The Pulitzer Prizes have been awarded for 2OO6, and they have gone to the usual deserving souls. Of special note is the national reporting award to the Boston Globe’s Charlie Savage for his articles examining how President Bush has used “signing statements” to assert a supposed “right” to bypass provisions of new federal laws. Without Savage’s groundbreaking reporting, the signing statements issue would still be off radar. He deserves this Pulitzer, and he should get another one for breaking the story of how more than 15O graduates of Pat Robertson’s Regent University have been handed high-powered federal government positions since President Bush took office in 2001 — including Monica Goodling, the former top aide to Attorney General Alberto Gonzales who resigned in disgrace after asserting her Fifth Amendment right against self-incrimination to avoid testifying before Congress about his role in the burgeoning U.S. Attorneys scandal.
But there is another American writing who should be getting a Pulitzer along with Charlie Savage for producing journalism that truly reflects the zeitgeist. He’s Texas songwriter James McMurtry.
Of course, there are those who will say that a songwriter cannot be a journalist. Bunk. Throughout history, songwriters have been among the best communicators of news, information and insight. And McMurtry has proven himself to be a worthy heir to that tradition, especially in the past year.
McMurtry’s songs have always had the literary quality that might be expected from the son of author Larry McMurtry, himself a 1985 Pulitzer winner for his novel Lonesome Dove.
In 2OO6, however, McMurtry reframed his writing to tell the story of George Bush’s America. And his topically-charged songs have frequently beaten the mainstream media to the punch.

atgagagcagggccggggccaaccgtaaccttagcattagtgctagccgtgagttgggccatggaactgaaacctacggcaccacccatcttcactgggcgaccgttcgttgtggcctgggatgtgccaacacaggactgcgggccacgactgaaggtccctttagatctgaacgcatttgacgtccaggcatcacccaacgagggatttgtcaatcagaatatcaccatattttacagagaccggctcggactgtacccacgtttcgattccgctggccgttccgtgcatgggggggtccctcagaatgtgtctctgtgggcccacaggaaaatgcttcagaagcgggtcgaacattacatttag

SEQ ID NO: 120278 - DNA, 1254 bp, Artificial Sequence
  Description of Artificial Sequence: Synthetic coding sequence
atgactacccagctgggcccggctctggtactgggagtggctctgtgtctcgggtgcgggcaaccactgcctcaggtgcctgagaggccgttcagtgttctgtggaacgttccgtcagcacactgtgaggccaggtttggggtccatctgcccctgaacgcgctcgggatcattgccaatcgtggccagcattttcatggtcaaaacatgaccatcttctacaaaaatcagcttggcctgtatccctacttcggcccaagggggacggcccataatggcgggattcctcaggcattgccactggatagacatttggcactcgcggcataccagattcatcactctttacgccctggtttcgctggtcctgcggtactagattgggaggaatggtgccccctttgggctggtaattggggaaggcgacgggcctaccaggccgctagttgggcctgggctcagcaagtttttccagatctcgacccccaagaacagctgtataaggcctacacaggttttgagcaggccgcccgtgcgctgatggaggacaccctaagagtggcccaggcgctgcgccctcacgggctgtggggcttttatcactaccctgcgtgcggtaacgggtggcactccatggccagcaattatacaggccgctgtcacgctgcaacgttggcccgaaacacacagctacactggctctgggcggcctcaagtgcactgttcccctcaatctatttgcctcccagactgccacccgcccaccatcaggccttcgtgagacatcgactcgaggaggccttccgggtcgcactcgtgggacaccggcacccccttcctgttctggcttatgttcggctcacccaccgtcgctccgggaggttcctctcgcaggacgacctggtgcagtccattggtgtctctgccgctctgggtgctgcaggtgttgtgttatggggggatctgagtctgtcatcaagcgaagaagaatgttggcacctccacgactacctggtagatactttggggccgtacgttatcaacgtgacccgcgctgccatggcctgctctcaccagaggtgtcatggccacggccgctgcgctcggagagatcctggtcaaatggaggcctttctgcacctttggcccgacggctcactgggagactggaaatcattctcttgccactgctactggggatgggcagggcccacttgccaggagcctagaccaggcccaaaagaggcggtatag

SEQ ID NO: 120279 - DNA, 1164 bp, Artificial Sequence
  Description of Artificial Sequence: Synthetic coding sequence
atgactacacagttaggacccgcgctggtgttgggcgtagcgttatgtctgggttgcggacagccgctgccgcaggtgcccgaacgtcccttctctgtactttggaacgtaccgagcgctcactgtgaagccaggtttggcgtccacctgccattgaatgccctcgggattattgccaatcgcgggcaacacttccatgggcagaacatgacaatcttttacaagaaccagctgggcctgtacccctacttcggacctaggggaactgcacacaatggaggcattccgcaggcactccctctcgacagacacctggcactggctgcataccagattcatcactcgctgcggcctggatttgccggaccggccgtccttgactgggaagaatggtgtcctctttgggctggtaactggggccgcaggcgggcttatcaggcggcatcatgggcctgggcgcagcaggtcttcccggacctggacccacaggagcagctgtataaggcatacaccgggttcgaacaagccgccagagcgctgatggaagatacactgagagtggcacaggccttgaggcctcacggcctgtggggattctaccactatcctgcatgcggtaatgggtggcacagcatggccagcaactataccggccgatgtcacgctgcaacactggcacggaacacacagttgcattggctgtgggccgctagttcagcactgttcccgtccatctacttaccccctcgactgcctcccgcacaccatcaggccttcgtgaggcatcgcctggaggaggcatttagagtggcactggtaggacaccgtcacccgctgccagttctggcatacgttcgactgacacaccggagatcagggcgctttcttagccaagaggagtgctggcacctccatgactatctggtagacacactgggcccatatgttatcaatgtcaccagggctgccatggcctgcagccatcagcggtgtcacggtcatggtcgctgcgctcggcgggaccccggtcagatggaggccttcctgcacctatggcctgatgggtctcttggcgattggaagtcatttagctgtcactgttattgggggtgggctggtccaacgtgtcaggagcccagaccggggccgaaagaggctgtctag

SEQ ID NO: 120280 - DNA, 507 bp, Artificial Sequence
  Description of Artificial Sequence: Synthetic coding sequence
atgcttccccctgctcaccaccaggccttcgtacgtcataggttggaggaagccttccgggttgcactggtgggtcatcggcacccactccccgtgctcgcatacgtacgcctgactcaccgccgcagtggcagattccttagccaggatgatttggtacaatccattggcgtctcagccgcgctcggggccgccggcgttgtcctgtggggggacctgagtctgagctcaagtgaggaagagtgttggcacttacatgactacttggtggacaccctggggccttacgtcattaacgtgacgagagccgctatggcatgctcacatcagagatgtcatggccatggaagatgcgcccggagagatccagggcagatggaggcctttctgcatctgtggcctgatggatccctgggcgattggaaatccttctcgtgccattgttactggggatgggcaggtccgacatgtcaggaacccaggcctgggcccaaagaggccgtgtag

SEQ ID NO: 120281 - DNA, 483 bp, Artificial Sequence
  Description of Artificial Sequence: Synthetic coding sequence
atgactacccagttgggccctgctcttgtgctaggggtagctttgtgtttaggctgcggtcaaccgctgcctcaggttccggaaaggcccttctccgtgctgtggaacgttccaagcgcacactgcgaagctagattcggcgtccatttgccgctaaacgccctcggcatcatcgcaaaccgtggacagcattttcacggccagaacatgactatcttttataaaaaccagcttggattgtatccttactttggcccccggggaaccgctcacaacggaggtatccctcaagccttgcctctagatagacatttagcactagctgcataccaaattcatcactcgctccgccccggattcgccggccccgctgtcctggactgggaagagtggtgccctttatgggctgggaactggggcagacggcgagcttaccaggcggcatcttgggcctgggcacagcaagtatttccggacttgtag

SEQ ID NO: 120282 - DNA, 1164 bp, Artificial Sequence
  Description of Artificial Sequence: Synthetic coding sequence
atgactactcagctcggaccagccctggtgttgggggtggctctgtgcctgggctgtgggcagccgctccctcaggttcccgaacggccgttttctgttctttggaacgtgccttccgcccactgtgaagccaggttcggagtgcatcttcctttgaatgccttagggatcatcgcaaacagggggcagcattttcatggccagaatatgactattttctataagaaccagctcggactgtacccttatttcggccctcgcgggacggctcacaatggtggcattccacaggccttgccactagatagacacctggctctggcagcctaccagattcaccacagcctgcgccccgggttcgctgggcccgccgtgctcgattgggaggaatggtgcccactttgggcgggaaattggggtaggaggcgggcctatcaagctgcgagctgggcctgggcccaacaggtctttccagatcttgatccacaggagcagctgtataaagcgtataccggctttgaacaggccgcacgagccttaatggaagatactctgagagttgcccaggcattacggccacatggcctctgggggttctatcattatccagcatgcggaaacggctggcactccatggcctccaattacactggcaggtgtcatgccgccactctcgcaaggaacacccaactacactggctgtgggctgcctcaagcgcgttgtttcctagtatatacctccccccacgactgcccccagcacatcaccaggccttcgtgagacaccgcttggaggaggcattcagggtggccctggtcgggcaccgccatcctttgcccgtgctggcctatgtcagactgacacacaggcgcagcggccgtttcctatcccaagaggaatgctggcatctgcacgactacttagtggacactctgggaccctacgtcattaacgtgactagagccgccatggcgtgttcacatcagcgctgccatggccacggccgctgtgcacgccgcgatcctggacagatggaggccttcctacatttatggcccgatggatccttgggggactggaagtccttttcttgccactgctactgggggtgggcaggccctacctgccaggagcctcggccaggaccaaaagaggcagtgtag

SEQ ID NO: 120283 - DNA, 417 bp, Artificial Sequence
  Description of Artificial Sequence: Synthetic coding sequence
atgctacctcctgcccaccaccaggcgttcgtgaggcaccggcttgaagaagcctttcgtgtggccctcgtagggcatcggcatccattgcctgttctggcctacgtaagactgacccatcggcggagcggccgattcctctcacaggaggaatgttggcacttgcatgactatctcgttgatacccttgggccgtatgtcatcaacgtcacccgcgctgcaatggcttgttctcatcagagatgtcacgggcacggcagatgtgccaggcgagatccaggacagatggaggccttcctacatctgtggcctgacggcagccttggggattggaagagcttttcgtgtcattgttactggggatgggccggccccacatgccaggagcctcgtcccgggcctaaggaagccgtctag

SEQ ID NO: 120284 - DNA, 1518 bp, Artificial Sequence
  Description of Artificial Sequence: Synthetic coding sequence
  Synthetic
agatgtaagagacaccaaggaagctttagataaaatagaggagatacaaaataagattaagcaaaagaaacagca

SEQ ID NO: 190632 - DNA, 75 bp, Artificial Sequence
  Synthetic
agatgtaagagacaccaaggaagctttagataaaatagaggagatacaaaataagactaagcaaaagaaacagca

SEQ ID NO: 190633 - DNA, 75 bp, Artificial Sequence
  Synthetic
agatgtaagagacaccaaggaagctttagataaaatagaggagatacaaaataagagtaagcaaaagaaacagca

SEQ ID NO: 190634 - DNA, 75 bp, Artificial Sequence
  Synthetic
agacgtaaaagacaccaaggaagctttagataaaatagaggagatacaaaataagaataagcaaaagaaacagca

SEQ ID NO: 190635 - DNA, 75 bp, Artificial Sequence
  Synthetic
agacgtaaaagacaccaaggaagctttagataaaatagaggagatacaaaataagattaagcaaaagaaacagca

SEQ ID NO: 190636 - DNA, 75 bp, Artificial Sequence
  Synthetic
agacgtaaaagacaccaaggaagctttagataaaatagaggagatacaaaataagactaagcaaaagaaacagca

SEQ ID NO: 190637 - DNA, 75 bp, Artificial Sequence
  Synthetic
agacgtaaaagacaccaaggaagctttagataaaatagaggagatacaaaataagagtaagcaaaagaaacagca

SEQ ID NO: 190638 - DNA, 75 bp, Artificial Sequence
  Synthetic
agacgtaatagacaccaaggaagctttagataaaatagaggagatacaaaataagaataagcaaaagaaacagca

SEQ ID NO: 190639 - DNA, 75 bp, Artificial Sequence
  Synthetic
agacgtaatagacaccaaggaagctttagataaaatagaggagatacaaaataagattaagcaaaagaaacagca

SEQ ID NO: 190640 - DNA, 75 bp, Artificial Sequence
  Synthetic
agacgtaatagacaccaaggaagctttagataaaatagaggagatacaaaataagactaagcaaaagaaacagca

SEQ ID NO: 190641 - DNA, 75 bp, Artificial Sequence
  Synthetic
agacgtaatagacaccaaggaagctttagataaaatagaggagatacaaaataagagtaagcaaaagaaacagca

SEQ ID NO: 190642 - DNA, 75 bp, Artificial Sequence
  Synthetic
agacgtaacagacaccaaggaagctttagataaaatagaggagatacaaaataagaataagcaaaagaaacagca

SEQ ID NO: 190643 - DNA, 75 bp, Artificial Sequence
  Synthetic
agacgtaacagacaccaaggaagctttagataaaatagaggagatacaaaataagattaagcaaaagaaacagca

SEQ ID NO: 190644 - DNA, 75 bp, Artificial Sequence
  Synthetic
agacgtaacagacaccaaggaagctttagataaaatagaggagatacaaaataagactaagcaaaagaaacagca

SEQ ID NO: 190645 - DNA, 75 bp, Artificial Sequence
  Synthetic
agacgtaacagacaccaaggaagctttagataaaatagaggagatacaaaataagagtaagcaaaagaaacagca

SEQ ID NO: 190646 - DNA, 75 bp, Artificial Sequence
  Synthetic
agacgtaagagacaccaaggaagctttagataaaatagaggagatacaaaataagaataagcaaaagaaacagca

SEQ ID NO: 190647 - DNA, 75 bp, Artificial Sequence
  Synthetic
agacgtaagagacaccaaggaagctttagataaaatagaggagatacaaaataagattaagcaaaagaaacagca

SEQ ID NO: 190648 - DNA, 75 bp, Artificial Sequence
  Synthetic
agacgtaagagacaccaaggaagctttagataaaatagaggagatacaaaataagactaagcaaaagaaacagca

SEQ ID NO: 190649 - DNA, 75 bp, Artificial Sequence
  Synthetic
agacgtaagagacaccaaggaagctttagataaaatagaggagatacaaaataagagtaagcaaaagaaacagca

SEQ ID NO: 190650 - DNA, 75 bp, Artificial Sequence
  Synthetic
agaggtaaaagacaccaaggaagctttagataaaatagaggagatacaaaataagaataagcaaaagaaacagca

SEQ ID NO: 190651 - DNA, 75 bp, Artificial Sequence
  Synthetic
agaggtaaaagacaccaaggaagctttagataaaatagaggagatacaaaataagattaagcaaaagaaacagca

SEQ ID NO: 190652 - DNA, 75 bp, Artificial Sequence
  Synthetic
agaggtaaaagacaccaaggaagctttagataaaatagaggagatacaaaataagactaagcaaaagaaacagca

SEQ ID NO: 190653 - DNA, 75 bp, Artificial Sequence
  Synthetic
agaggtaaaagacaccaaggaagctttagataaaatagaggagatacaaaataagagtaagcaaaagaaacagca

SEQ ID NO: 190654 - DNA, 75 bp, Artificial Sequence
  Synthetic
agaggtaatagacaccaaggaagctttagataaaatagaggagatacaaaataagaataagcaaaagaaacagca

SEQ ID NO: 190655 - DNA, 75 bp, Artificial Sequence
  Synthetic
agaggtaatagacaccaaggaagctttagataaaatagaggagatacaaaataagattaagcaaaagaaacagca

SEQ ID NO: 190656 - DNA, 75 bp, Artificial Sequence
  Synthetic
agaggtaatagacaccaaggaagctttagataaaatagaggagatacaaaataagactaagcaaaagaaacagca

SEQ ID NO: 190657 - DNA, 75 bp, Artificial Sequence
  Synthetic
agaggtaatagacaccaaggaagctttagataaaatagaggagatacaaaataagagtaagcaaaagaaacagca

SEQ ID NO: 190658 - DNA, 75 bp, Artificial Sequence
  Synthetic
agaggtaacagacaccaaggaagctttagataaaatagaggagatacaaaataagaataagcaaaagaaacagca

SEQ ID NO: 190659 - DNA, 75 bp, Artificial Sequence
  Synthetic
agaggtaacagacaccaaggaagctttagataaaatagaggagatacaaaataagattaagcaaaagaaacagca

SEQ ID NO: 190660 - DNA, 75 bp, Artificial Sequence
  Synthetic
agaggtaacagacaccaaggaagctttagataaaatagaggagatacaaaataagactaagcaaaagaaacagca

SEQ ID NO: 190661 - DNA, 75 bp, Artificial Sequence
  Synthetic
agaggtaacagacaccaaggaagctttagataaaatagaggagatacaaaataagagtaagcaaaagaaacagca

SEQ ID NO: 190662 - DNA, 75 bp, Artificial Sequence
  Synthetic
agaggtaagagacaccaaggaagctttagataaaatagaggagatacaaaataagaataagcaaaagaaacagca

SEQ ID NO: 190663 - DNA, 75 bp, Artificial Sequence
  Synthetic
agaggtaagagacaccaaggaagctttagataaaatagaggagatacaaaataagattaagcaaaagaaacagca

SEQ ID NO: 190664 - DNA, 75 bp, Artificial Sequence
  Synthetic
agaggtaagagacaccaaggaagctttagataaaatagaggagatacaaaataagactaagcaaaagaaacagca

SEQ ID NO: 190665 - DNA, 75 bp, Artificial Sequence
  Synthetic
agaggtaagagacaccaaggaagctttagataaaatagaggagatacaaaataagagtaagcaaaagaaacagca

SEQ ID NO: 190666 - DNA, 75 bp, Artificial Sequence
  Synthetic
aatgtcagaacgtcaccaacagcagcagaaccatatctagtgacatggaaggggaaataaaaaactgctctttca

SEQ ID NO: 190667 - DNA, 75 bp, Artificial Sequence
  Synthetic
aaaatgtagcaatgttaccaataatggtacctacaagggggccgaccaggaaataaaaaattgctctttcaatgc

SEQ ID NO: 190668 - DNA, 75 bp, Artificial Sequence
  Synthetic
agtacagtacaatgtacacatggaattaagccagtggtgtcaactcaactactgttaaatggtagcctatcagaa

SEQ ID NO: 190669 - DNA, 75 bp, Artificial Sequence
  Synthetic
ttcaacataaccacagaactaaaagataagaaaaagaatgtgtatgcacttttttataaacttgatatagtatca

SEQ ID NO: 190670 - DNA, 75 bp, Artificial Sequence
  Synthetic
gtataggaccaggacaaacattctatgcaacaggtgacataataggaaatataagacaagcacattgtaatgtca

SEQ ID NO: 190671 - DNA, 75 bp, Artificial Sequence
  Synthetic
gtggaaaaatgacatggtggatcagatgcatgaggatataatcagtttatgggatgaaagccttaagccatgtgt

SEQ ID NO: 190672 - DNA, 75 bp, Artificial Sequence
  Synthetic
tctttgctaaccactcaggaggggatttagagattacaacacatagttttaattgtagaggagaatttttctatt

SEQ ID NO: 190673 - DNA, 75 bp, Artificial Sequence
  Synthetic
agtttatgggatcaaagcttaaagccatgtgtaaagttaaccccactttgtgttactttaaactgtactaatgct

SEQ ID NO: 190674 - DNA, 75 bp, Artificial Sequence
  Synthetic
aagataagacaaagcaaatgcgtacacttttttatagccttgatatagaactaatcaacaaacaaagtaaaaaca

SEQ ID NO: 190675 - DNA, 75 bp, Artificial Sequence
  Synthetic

Well before serious attention turned to the scandalous treatment of veterans of the Iraq War by the Veterans Administration, McMurtry wrote his song, “We Can’t Make It Here Anymore,” which opens with the lines:
Vietnam Vet with a cardboard sign
Sitting there by the left turn line
Flag on the wheelchair flapping in the breeze
One leg missing, both hands free
No one’s paying much mind to him
The V.A. budget’s stretched so thin
And there’s more comin’ home from the Mideast war
We can’t make it here anymore
Or consider the opening lines of another new McMurtry song, “God Bless America,” which anticipated the debate about war profiteering, military contractors and mercenaries that have exploded with the publication this spring of Jeremy Scahill’s Blackwater: The Rise of the World’s Most Powerful Mercenary Army [Nation Books]:
Look yonder comin’, mercy me
Three wise men in a SUV
Corporate logo on the side
Air-conditioned quiet ride
That thing don’t run on french fry grease
That thing don’t run on love and peace
Takes gasoline make that thing go
Now bring your hands up nice and slow
McMurtry’s recent songs make linkages between the Bush administration’s obsession with Iraq and its dramatic neglect of fundamental issues at home that are far more vivid than anything you will see on the evening news, and far more potent than most of what you’ll hear from even the president’s most virulent critics. “We Can’t Make It Here Anymore” is smarter examination of the damage done by corporate-sponsored “free trade” policies than anything you will hear on Capitol Hill.
Now I’m stocking shirts in the Wal-Mart store
Just like the ones we made before
‘Cept this one came from Singapore
I guess we can’t make it here anymore
Should I hate a people for the shade of their skin
Or the shape of their eyes or the shape I’m in
Should I hate ’em for having our jobs today
No I hate the men sent the jobs away
I can see them all now, they haunt my dreams
All lily white and squeaky clean
They’ve never known want, they’ll never know need
Their sh@# don’t stink and their kids won’t bleed
Their kids won’t bleed in the damn little war
And we can’t make it here anymore…
McMurtry is honored in the current issue of Esquire magazine as the nation’s “Best Agitator.” But I’d still give him the Pultizer, if only for one line from “God Bless America”:
You keep talking that sh@# like I never heard
Hush, little President, don’t say a word…
John Nichols’ new book is